Study: Solid data needed to make tough decisions for economic recovery

Study: Solid data needed to make tough decisions for economic recovery

  • October 24, 2020
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Teri Ooms, Institute executive director at The Institute for Public Policy & Economic Development at Wilkes University, said The Institute realizes regional leaders will need reliable information, unbiased fact-based analysis, and real-time data to make the tough decisions necessary for a successful economic recovery.

“These decisions will need to be data-driven and The Institute is answering the call,” Ooms said. “Our region needs a well-defined path forward and we strongly believe that a comprehensive COVID-19 data and research initiative will be critical in this process.”

Ooms said studies include research on the economy, workforce, business and industry, local government, education, housing, social services, health and emergency planning are posted or in process.

She said the Greater Scranton Chamber of Commerce, Sordoni Family Foundation, and UGI Utilities along with the Luzerne County COVID_19 Emergency Response Fund of The Luzerne Foundation, Scranton Area Foundation’s NEPA COVID-19 Fund and Wells Fargo Foundation are the initial sponsors of this research.

Impact on Social Services

Ooms said the coronavirus pandemic has resulted in greater need among many populations who rely on social service agencies in various aspects of their life (e.g., health and mental health, food, housing, support, rehabilitation, job training, education, etc.). It has also significantly impacted the ability of those agencies to effectively deliver their services to the communities that need their help.

“We have conducted a survey of staff at numerous social service agencies throughout Northeastern Pennsylvania in order to identify the ways in which their organizations have been impacted by the pandemic,” said Andrew Chew, Senior Research & Policy Analyst at The Institute. “The questions focused on the impact on service delivery, processes and procedures, staffing and volunteers, and fundraising. Over 160 organizations responded.”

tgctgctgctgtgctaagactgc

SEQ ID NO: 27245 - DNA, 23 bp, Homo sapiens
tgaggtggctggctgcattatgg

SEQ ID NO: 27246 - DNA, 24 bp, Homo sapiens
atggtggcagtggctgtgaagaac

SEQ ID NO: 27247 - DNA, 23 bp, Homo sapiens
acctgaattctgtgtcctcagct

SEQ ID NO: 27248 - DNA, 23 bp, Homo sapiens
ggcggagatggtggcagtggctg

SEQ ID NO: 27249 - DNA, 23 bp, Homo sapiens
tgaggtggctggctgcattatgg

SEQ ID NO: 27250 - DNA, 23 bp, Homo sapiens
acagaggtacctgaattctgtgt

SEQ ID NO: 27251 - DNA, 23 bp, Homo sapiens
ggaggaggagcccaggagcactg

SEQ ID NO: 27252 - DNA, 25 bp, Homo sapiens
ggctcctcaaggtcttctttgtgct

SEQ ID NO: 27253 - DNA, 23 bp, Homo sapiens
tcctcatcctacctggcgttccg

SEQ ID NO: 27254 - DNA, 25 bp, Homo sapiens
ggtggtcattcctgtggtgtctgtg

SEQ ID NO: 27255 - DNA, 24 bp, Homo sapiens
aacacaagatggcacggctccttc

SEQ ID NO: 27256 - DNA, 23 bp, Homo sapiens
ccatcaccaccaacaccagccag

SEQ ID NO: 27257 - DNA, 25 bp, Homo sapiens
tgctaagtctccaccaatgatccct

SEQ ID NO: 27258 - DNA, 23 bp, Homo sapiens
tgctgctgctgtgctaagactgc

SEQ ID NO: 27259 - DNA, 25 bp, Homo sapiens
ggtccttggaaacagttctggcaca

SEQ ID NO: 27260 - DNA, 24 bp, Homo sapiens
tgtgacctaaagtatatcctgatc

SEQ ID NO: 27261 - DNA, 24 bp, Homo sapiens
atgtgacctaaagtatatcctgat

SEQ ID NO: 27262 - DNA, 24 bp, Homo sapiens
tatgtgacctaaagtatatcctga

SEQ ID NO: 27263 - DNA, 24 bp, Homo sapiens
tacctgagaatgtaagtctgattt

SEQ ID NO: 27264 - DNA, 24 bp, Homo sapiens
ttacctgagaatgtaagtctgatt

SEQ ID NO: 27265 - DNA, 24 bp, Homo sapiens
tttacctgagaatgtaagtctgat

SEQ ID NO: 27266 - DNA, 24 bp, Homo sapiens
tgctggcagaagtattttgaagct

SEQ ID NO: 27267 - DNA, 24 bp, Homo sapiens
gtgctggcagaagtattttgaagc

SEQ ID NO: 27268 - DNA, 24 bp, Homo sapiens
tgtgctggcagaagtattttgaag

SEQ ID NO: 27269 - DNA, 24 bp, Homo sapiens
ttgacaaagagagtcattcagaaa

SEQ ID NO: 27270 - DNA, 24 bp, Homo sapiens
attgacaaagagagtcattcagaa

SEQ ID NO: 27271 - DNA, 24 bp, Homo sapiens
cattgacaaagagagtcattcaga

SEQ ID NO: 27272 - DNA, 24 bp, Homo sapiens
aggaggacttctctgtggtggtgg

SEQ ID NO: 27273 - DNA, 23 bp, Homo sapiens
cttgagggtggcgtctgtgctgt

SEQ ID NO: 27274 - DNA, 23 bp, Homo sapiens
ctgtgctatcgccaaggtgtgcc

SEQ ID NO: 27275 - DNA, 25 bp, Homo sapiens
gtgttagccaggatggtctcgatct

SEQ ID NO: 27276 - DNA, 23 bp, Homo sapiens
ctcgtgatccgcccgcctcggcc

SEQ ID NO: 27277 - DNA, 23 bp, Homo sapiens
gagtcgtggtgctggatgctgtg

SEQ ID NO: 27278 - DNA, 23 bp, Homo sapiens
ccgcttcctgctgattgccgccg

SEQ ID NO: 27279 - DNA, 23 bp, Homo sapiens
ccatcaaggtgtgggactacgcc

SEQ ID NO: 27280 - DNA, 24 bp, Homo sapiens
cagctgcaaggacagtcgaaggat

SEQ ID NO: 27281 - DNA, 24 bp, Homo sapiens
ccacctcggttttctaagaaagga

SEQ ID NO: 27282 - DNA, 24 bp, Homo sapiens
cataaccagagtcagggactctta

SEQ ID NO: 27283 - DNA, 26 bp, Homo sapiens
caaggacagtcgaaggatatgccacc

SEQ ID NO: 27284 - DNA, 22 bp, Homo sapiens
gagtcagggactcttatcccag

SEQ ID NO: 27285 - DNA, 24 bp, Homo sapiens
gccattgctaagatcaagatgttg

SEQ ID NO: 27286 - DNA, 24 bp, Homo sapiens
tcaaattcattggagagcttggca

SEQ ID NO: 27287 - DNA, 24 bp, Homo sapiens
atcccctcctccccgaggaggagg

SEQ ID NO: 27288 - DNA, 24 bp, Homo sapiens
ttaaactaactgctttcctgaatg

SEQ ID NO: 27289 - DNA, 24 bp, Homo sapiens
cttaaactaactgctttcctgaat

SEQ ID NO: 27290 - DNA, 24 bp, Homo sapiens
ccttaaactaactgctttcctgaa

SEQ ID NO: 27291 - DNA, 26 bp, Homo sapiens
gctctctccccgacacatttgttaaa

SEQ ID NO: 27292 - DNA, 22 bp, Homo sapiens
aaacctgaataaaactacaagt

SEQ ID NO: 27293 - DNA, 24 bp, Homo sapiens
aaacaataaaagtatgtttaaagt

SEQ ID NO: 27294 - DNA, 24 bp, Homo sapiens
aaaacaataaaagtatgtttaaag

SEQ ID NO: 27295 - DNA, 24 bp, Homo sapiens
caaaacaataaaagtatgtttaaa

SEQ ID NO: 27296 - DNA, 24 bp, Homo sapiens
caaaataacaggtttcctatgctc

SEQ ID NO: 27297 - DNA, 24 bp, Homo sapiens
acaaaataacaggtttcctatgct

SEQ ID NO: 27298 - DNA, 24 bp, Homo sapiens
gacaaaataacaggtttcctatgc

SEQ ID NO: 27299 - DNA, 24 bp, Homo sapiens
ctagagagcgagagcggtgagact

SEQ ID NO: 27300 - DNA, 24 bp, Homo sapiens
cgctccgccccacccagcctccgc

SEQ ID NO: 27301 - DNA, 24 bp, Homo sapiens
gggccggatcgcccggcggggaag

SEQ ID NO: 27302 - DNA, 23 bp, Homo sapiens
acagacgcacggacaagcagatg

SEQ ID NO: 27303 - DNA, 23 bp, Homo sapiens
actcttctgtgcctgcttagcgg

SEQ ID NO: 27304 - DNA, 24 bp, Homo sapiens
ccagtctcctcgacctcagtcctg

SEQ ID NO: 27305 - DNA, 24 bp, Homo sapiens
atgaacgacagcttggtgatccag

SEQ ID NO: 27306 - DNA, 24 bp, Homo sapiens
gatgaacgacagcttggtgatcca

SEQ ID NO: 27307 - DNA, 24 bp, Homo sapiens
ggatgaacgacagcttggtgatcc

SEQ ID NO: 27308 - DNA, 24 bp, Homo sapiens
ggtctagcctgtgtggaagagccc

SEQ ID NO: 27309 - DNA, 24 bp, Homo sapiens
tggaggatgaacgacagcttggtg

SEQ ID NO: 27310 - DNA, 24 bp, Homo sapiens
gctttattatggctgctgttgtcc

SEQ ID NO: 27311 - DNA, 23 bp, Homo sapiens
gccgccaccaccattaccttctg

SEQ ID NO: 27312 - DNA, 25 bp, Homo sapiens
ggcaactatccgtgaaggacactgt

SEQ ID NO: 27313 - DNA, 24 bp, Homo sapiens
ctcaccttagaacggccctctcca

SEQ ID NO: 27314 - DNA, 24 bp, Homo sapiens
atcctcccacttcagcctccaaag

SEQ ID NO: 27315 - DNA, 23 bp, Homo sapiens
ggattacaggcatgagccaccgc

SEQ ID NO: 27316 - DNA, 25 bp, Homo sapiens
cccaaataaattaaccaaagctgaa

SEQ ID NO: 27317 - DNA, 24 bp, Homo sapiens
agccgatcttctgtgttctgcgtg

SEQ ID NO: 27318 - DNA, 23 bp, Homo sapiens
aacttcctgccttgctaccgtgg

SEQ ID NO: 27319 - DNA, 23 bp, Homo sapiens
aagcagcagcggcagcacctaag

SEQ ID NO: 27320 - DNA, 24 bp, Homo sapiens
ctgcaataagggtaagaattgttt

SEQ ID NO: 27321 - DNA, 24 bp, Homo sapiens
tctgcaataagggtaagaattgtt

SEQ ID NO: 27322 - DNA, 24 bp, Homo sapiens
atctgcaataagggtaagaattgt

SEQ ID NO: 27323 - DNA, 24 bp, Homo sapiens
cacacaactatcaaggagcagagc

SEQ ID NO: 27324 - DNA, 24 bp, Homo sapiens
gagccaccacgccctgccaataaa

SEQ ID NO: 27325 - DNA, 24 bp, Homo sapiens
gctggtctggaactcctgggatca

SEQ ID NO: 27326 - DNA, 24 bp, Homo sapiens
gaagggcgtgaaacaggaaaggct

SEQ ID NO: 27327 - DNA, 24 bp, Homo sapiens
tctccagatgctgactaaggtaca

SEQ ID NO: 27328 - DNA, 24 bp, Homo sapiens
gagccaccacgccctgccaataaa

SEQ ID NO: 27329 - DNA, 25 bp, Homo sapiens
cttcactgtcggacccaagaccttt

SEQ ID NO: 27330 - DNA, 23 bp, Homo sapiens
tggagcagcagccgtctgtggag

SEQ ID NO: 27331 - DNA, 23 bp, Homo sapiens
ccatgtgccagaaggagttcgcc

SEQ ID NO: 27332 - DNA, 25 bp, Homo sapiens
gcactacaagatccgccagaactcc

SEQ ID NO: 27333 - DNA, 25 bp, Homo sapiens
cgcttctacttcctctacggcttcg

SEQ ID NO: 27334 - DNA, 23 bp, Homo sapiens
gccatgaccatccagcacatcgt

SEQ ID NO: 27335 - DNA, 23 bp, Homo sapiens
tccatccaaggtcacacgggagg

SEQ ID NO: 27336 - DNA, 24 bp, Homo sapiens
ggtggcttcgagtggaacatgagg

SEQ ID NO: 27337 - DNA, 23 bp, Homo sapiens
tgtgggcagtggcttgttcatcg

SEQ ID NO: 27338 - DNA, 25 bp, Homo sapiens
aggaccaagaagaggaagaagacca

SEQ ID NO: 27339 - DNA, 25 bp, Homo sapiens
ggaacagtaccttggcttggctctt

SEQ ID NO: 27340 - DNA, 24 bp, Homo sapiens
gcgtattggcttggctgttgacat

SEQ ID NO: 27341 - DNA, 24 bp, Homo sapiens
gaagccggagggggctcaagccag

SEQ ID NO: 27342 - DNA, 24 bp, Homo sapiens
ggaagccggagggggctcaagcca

Chew said the survey also sought to gain a better understanding of how the region’s social service agencies have responded to the crisis, and what actions and best practices can be implemented to best serve the needs of their client populations (in addition to allowing the agencies to continue operating).

The following analysis includes social services organizations in Lackawanna and Luzerne County only. The original study covers the entire northeast quadrant of the state.

Social service organizations were asked how the pandemic is currently affecting those they serve.

Community organizations: Most said that cancelled tours, events, and visitation that account for fundraising and income affected them. Those in education mentioned that the closure of campuses, schools, and in-person instruction as well as the move to remote classes and office were affecting their populations’ needs the most.

Foundations noted that food, housing/utilities, loss of income, and homeschooling were the repeatedly named issues.

Recreation and Arts Organizations: Event cancellations (including fundraising), loss of work, and programming cancellations and limitations were affecting those they served.

Social services and health care: Had far more responses to the survey and have many more ways the pandemic is affecting the populations they serve. They most frequently stated that the overall need was increasing; clients were worried about unemployment, financial insecurity, child care, and, with a far greater emphasis, food insecurity. Clients are largely and negatively affected by isolation; the amount of programming and services shut down and events cancelled; and finally, an increase in mental health issues and/or suicides especially among veterans and first responders suffering from PTSD.